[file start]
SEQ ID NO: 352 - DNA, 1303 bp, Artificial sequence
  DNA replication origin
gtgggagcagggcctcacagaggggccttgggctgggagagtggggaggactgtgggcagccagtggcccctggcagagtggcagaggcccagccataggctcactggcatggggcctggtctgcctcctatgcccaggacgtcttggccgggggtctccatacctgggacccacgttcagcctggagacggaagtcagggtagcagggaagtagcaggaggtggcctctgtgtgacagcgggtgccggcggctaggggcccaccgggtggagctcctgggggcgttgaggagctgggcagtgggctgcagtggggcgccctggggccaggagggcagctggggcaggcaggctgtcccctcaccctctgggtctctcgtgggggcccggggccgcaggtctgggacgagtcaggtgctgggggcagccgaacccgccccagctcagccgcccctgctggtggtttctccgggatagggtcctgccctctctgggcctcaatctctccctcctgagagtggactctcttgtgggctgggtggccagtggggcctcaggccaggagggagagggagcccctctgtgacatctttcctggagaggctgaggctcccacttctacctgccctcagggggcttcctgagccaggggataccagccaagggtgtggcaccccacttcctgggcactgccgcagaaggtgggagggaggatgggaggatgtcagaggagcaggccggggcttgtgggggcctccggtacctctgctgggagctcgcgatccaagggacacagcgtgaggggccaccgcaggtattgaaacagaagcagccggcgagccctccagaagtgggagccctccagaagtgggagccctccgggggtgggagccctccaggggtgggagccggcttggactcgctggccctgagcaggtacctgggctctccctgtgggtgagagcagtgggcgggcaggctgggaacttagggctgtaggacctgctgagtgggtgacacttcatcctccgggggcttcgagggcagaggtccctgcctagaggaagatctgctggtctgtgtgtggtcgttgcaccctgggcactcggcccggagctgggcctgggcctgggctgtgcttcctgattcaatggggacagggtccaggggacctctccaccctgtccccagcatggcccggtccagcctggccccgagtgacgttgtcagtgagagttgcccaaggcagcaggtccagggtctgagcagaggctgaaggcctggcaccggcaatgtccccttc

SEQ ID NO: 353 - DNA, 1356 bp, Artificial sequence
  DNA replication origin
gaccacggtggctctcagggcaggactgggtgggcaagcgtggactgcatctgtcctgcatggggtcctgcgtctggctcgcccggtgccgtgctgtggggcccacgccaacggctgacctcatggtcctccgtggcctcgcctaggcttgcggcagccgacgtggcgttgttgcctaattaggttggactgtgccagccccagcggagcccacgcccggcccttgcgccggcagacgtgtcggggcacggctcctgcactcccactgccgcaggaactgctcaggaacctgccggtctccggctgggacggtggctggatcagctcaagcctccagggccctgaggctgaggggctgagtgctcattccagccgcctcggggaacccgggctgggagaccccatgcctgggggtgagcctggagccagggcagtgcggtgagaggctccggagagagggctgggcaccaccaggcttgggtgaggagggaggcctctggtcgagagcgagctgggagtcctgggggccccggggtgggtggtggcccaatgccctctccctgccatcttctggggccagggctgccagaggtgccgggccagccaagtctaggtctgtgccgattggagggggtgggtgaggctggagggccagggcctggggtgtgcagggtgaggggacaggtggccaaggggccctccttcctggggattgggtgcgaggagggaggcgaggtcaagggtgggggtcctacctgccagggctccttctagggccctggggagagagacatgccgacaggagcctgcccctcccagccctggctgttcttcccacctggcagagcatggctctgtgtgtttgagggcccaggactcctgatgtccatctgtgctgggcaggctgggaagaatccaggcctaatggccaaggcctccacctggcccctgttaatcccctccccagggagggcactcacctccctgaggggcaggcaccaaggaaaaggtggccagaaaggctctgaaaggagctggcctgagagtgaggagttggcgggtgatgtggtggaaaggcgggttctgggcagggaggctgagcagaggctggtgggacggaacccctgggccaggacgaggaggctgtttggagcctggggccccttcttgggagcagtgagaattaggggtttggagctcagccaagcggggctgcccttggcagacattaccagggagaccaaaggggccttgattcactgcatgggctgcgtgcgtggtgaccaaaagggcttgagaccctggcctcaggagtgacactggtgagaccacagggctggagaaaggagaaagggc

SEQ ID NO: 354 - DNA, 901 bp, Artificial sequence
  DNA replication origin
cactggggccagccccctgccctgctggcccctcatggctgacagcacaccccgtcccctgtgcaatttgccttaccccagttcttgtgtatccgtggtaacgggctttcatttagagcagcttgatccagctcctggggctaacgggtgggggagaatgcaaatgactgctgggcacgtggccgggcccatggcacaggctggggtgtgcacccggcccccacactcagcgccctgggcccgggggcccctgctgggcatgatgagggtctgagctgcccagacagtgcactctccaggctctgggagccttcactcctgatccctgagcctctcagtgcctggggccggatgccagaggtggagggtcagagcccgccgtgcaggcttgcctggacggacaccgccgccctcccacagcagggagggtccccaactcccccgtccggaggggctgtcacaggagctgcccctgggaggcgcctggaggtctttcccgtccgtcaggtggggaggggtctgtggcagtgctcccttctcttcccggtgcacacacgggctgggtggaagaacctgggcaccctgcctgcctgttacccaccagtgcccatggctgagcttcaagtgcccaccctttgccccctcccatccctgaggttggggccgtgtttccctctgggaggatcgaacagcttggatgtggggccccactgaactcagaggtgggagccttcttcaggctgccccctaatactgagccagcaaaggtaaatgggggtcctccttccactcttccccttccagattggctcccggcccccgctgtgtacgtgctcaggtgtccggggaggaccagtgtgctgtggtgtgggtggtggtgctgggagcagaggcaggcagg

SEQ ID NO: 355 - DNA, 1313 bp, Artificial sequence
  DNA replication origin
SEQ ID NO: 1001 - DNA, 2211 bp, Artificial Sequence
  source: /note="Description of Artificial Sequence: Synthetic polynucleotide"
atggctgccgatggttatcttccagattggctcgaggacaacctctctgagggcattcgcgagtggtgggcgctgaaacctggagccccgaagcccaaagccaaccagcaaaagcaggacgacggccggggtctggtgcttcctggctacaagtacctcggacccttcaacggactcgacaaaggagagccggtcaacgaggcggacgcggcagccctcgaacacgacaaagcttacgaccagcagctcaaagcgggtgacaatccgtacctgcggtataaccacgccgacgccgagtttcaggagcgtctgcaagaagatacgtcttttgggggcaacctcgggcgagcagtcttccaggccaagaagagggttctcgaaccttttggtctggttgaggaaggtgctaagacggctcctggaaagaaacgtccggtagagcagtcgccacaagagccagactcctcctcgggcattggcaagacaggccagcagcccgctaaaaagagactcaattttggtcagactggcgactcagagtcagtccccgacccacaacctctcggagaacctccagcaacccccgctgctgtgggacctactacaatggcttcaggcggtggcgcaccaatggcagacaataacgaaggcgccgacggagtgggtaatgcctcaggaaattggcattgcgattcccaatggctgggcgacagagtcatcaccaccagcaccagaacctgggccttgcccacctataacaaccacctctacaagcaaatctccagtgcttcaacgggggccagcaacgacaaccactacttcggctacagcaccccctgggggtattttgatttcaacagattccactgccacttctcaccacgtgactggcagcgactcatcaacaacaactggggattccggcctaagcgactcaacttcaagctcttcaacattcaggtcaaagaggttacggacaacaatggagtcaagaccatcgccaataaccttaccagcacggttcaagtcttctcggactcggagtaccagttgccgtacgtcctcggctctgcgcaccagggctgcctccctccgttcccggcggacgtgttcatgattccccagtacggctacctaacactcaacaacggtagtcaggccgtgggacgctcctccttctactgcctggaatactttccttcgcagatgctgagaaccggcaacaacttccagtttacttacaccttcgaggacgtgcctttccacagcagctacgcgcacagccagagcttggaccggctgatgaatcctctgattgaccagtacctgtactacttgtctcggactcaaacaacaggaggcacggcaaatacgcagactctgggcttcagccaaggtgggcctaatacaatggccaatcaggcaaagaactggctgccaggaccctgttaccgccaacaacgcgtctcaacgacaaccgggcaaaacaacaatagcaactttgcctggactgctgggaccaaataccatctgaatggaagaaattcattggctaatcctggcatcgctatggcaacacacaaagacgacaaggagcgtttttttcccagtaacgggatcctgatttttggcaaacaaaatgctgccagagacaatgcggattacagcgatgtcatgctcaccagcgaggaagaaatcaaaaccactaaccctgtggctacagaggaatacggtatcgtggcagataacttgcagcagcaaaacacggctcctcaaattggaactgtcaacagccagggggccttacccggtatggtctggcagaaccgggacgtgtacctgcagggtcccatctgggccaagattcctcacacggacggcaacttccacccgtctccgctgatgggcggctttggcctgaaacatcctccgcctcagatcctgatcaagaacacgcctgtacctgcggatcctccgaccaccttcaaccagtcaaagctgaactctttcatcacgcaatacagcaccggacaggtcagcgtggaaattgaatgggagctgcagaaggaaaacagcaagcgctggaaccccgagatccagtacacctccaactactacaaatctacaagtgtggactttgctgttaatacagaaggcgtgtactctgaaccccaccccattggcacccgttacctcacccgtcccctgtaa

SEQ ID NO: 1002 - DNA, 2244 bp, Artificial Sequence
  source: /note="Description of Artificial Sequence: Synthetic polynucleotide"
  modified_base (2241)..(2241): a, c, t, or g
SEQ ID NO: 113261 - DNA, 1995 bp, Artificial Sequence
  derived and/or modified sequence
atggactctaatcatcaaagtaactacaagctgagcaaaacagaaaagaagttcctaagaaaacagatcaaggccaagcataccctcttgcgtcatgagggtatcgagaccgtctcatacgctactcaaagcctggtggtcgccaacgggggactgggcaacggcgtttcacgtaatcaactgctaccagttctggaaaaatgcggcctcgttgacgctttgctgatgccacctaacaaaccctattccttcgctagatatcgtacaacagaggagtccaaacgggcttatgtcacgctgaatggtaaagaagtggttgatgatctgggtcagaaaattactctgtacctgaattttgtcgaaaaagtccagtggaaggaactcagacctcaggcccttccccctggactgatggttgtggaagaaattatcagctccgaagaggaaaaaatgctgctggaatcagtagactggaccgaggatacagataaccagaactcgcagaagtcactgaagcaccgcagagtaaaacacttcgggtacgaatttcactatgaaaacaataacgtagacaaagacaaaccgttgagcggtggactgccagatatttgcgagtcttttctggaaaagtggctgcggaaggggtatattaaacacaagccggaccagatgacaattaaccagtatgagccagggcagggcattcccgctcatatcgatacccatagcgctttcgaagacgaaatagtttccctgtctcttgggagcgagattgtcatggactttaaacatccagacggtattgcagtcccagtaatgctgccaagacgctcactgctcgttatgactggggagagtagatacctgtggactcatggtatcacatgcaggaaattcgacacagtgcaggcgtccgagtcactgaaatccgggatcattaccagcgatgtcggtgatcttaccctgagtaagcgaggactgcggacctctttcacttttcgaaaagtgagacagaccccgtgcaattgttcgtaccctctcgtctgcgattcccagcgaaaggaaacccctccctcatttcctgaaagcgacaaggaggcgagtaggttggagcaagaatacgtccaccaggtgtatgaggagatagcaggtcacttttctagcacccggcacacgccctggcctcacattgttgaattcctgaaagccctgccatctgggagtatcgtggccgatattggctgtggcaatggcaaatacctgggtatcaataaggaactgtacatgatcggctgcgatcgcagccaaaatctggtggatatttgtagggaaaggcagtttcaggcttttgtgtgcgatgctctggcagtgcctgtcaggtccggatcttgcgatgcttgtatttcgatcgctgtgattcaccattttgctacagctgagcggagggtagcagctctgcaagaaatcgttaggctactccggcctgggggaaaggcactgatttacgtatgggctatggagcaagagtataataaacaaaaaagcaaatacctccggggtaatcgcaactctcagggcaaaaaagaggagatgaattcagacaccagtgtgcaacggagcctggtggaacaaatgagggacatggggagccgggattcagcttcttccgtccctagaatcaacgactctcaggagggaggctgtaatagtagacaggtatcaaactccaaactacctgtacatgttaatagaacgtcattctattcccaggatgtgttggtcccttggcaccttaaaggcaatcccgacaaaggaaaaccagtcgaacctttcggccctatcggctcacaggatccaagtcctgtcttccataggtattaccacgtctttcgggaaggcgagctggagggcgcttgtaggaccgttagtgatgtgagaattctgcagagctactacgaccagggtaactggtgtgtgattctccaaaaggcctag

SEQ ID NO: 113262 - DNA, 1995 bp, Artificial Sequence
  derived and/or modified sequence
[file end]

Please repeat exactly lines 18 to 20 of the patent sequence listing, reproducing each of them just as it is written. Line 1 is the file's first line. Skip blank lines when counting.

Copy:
SEQ ID NO: 113261 - DNA, 1995 bp, Artificial Sequence
  derived and/or modified sequence
atggactctaatcatcaaagtaactacaagctgagcaaaacagaaaagaagttcctaagaaaacagatcaaggccaagcataccctcttgcgtcatgagggtatcgagaccgtctcatacgctactcaaagcctggtggtcgccaacgggggactgggcaacggcgtttcacgtaatcaactgctaccagttctggaaaaatgcggcctcgttgacgctttgctgatgccacctaacaaaccctattccttcgctagatatcgtacaacagaggagtccaaacgggcttatgtcacgctgaatggtaaagaagtggttgatgatctgggtcagaaaattactctgtacctgaattttgtcgaaaaagtccagtggaaggaactcagacctcaggcccttccccctggactgatggttgtggaagaaattatcagctccgaagaggaaaaaatgctgctggaatcagtagactggaccgaggatacagataaccagaactcgcagaagtcactgaagcaccgcagagtaaaacacttcgggtacgaatttcactatgaaaacaataacgtagacaaagacaaaccgttgagcggtggactgccagatatttgcgagtcttttctggaaaagtggctgcggaaggggtatattaaacacaagccggaccagatgacaattaaccagtatgagccagggcagggcattcccgctcatatcgatacccatagcgctttcgaagacgaaatagtttccctgtctcttgggagcgagattgtcatggactttaaacatccagacggtattgcagtcccagtaatgctgccaagacgctcactgctcgttatgactggggagagtagatacctgtggactcatggtatcacatgcaggaaattcgacacagtgcaggcgtccgagtcactgaaatccgggatcattaccagcgatgtcggtgatcttaccctgagtaagcgaggactgcggacctctttcacttttcgaaaagtgagacagaccccgtgcaattgttcgtaccctctcgtctgcgattcccagcgaaaggaaacccctccctcatttcctgaaagcgacaaggaggcgagtaggttggagcaagaatacgtccaccaggtgtatgaggagatagcaggtcacttttctagcacccggcacacgccctggcctcacattgttgaattcctgaaagccctgccatctgggagtatcgtggccgatattggctgtggcaatggcaaatacctgggtatcaataaggaactgtacatgatcggctgcgatcgcagccaaaatctggtggatatttgtagggaaaggcagtttcaggcttttgtgtgcgatgctctggcagtgcctgtcaggtccggatcttgcgatgcttgtatttcgatcgctgtgattcaccattttgctacagctgagcggagggtagcagctctgcaagaaatcgttaggctactccggcctgggggaaaggcactgatttacgtatgggctatggagcaagagtataataaacaaaaaagcaaatacctccggggtaatcgcaactctcagggcaaaaaagaggagatgaattcagacaccagtgtgcaacggagcctggtggaacaaatgagggacatggggagccgggattcagcttcttccgtccctagaatcaacgactctcaggagggaggctgtaatagtagacaggtatcaaactccaaactacctgtacatgttaatagaacgtcattctattcccaggatgtgttggtcccttggcaccttaaaggcaatcccgacaaaggaaaaccagtcgaacctttcggccctatcggctcacaggatccaagtcctgtcttccataggtattaccacgtctttcgggaaggcgagctggagggcgcttgtaggaccgttagtgatgtgagaattctgcagagctactacgaccagggtaactggtgtgtgattctccaaaaggcctag